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A dry-mount press is a luxury for a home darkroom. Due to its inherent size, weight and space requirements, a dedicated work area is recommended. Some presses require high amperage; most dry-mount presses, especially the larger, more heavy-duty units, require their own dedicated power line. If these considerations can be dealt with, a dry-mount press can make print finishing a smooth experience. Dry mounting is the most sure and reliable way to secure a print to a piece of mat board.
However, the adhesive in dry-mount tissue can leech acids into the print and over time can cause color shift and yellowing. There are other methods for mounting, such as cold mounting, using spray adhesives. For archival permanence, acid-free corners attached to the mounting board, with a beveled mat overlay, are preferable for permanence. But for quick, secure mounting when permanence is not an issue, dry mounting is a very convenient way to mount prints for display.
A dry-mount press is a large metal sandwich into which the print and board are placed. The platen contains a heating element that seals the print to the board with a sheet of dry-mount tissue that melts between the print and board when the platen is closed and gross pressure/heat is applied. To some people, a dry-mount press resembles something akin to what you see a dry cleaner use, only it provides dry heat rather than steam. Dry-mount presses are a great way to flatten curled prints, between two like-sized pieces of mat board; they are not only used for mounting but for pre-flattening mat board as well as the prints themselves. They are also used for laminating, which is a process by which a thin sheet of clear plastic is sealed over an image for preservation purposes.
Mat Cutters and Trimmers
There are times when a good pair of scissors is just not good enough. If you are printing and run out of small-sized paper, a good trimmer will allow you to cut larger paper precisely into the smaller size required. Trimmers are also useful in print finishing, trimming excess borders and fine-tuning prints. Remember that print finishing is an art in itself. Galleries and framers charge a pretty penny for mat cutting and turning your print into a completed work of art, ready for wall mounting.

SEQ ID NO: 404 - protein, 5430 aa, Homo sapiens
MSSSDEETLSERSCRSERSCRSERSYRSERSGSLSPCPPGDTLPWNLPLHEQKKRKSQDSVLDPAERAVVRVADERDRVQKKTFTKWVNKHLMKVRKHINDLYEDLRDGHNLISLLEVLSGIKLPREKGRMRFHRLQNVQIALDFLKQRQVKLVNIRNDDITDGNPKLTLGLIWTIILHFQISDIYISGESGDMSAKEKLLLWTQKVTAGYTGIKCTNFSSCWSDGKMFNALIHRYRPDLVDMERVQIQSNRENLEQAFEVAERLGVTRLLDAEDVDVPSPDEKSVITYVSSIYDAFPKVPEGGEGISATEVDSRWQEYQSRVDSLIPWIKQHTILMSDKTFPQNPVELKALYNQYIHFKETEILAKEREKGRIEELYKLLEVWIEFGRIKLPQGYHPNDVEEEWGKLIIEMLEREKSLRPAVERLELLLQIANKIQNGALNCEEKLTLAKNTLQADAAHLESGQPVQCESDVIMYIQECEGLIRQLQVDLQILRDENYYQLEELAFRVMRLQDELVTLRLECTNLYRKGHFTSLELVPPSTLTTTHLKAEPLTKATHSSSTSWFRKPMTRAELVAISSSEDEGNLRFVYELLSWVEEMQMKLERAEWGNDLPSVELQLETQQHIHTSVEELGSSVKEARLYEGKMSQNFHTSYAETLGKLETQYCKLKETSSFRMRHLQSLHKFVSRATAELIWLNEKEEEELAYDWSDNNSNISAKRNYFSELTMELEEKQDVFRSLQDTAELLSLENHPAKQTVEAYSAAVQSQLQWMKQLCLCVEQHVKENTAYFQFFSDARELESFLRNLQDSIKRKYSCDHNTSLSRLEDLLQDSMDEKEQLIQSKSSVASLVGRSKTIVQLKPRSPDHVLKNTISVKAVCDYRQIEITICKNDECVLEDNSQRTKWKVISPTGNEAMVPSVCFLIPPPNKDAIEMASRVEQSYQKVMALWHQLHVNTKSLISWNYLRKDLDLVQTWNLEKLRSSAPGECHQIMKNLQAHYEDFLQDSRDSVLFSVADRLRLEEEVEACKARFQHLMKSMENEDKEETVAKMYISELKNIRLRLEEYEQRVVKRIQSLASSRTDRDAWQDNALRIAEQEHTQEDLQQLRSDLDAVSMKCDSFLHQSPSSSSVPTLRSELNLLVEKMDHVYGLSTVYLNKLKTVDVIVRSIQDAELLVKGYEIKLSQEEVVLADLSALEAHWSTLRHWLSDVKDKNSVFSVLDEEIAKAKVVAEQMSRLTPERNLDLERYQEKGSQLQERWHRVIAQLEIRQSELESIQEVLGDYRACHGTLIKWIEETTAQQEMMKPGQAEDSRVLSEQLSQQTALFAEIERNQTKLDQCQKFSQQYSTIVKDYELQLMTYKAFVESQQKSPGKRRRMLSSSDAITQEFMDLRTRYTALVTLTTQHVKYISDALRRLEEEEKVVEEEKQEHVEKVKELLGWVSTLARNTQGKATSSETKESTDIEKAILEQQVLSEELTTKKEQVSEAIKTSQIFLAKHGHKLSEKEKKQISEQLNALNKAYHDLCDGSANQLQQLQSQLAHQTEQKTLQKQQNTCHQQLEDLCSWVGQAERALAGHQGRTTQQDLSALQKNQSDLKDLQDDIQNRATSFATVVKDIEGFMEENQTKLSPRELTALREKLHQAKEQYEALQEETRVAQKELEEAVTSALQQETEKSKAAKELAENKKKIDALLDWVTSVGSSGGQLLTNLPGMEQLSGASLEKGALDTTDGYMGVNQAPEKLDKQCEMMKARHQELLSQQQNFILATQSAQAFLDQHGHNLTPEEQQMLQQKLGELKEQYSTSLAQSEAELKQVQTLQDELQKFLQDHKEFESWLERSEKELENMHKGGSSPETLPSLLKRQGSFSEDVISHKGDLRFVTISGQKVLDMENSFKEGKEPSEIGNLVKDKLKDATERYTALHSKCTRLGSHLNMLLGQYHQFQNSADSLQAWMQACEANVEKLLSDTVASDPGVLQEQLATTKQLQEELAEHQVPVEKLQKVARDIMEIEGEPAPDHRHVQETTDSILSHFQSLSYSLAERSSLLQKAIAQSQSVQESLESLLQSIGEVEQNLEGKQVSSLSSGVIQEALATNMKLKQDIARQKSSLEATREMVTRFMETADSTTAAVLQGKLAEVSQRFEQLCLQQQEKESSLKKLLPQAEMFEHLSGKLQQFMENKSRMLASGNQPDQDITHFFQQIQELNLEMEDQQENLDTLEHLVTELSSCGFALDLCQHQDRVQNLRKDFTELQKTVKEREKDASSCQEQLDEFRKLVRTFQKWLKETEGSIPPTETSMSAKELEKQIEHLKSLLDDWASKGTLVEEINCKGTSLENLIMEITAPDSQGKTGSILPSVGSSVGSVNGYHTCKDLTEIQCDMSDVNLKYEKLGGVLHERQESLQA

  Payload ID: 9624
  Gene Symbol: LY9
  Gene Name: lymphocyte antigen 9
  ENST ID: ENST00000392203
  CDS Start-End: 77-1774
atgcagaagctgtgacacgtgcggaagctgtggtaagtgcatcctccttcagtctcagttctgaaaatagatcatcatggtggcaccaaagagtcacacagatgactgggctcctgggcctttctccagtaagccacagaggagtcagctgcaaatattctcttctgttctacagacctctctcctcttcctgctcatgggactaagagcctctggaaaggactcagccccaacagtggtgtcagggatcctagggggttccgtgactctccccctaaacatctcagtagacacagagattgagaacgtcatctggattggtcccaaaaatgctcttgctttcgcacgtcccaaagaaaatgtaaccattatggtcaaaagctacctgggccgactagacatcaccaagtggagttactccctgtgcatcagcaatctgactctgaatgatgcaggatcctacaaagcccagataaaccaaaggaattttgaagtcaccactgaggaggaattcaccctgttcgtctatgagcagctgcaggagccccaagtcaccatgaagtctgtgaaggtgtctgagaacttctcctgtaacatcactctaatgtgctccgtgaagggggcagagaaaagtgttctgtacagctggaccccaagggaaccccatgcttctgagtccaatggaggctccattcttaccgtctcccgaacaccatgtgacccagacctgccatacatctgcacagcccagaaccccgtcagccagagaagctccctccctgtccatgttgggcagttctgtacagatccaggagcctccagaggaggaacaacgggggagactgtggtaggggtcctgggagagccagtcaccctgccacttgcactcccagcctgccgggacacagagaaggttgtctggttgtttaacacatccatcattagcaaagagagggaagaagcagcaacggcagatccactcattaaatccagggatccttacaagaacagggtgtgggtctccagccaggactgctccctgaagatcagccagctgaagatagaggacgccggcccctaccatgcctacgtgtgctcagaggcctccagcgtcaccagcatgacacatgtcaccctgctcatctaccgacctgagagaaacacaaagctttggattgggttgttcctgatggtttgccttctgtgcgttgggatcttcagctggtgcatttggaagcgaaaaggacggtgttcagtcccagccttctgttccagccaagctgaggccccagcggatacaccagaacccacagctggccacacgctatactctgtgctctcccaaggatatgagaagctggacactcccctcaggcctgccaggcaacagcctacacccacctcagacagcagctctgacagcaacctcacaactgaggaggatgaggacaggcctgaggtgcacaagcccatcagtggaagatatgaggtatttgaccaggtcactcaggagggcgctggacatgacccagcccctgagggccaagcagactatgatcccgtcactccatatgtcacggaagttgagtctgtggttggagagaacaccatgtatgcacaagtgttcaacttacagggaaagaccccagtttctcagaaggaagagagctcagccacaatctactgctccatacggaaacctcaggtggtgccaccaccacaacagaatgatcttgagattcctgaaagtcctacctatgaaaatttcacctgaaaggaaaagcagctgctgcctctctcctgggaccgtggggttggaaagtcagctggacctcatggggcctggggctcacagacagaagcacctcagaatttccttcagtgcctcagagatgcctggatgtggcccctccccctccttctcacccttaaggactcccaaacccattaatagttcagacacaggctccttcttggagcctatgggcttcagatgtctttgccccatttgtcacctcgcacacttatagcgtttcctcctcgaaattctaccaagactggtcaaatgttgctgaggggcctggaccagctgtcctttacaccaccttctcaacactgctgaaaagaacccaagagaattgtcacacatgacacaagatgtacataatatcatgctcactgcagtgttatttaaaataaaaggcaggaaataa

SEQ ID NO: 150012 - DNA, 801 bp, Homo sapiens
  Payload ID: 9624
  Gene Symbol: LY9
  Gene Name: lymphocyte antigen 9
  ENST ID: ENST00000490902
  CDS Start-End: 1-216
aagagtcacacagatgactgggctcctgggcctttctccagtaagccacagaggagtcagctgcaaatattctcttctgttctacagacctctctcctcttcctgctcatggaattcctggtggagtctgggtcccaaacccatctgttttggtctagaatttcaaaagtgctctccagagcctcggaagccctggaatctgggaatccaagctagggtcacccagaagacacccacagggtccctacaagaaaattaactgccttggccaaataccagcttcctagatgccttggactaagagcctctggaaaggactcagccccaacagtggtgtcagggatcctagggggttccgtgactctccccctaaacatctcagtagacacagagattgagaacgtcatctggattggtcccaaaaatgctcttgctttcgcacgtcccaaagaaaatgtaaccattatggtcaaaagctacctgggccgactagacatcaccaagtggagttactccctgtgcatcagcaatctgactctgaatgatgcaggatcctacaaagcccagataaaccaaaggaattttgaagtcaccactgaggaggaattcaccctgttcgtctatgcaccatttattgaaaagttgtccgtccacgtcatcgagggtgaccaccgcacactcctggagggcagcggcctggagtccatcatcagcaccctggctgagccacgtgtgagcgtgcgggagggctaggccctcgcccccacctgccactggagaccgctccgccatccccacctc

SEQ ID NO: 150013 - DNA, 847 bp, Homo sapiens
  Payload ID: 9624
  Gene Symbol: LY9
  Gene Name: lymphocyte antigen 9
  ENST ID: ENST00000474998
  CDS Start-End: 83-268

Rotary trimmers are the best way to go. Buy one that is larger than you think you'll need. If you buy a small one and suddenly need to cut something larger, you don't want to be in the position of having to buy a second trimmer. Just like a good light meter, a trimmer is something you want to buy once and forget about. A rotary trimmer, quite simply, is a cutting blade mounted on a rail. You place your print under the guide rail and drag the blade along its path. Every cut will be clean, crisp and neat. There are small, inexpensive trimmers and then there are higher-end professional ones.
Pay attention to the durability, construction and size of the baseboard. Like easels, chances are that a trimmer is going to get pushed around, stored somewhere, dragged out, thrown back under a shelf or the like. Make sure to get an extra supply of blades. A dull blade, just like a man's razor, will cut unevenly or snag.
“Guillotine” cutters are the kind of cutters that we all used in school. They consist of a blade mounted on a pivoting arm that goes up and down with a stroke of your arm. Guillotine cutters, although cheaper, are not as reliable as rotary cutters. They are good for blunt cuts but not fine trimming. Rotary trimmers maintain sharpness and alignment much more efficiently.
If you are doing the print finishing yourself, a mat cutter is indispensable. Mat cutters assure straight lines and smooth, even bevels. Like trimmers, mat cutters come in many different styles. Simple ones fit comfortably in your hand and need to be carefully guided along a straight-edged ruler. Fancier ones are much larger—table models that come with horizontal and vertical guide rails, measuring guides and bevel guides. They are literally one-pass cutters, as opposed to hand cutters that require slower, more deliberate attention and multiple passes.